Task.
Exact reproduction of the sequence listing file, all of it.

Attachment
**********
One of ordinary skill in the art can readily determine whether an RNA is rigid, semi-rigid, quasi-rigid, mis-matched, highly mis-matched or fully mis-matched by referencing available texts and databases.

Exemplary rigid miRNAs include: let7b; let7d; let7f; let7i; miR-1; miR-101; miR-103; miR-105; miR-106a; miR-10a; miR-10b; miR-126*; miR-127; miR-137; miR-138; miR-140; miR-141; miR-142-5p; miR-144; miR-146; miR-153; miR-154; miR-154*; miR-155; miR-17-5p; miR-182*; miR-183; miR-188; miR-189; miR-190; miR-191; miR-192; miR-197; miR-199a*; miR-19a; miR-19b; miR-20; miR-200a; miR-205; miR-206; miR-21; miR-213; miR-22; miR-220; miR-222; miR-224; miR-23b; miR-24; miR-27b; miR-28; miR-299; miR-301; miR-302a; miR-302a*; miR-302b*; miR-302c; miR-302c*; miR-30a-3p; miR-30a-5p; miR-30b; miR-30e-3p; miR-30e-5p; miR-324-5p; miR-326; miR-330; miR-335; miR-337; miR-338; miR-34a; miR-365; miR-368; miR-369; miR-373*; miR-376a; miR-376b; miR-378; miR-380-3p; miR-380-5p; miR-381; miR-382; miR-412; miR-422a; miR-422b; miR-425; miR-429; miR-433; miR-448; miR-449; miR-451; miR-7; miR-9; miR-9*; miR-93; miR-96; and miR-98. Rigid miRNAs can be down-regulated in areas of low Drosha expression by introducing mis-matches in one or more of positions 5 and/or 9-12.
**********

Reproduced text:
One of ordinary skill in the art can readily determine whether an RNA is rigid, semi-rigid, quasi-rigid, mis-matched, highly mis-matched or fully mis-matched by referencing available texts and databases.

Exemplary rigid miRNAs include: let7b; let7d; let7f; let7i; miR-1; miR-101; miR-103; miR-105; miR-106a; miR-10a; miR-10b; miR-126*; miR-127; miR-137; miR-138; miR-140; miR-141; miR-142-5p; miR-144; miR-146; miR-153; miR-154; miR-154*; miR-155; miR-17-5p; miR-182*; miR-183; miR-188; miR-189; miR-190; miR-191; miR-192; miR-197; miR-199a*; miR-19a; miR-19b; miR-20; miR-200a; miR-205; miR-206; miR-21; miR-213; miR-22; miR-220; miR-222; miR-224; miR-23b; miR-24; miR-27b; miR-28; miR-299; miR-301; miR-302a; miR-302a*; miR-302b*; miR-302c; miR-302c*; miR-30a-3p; miR-30a-5p; miR-30b; miR-30e-3p; miR-30e-5p; miR-324-5p; miR-326; miR-330; miR-335; miR-337; miR-338; miR-34a; miR-365; miR-368; miR-369; miR-373*; miR-376a; miR-376b; miR-378; miR-380-3p; miR-380-5p; miR-381; miR-382; miR-412; miR-422a; miR-422b; miR-425; miR-429; miR-433; miR-448; miR-449; miR-451; miR-7; miR-9; miR-9*; miR-93; miR-96; and miR-98. Rigid miRNAs can be down-regulated in areas of low Drosha expression by introducing mis-matches in one or more of positions 5 and/or 9-12.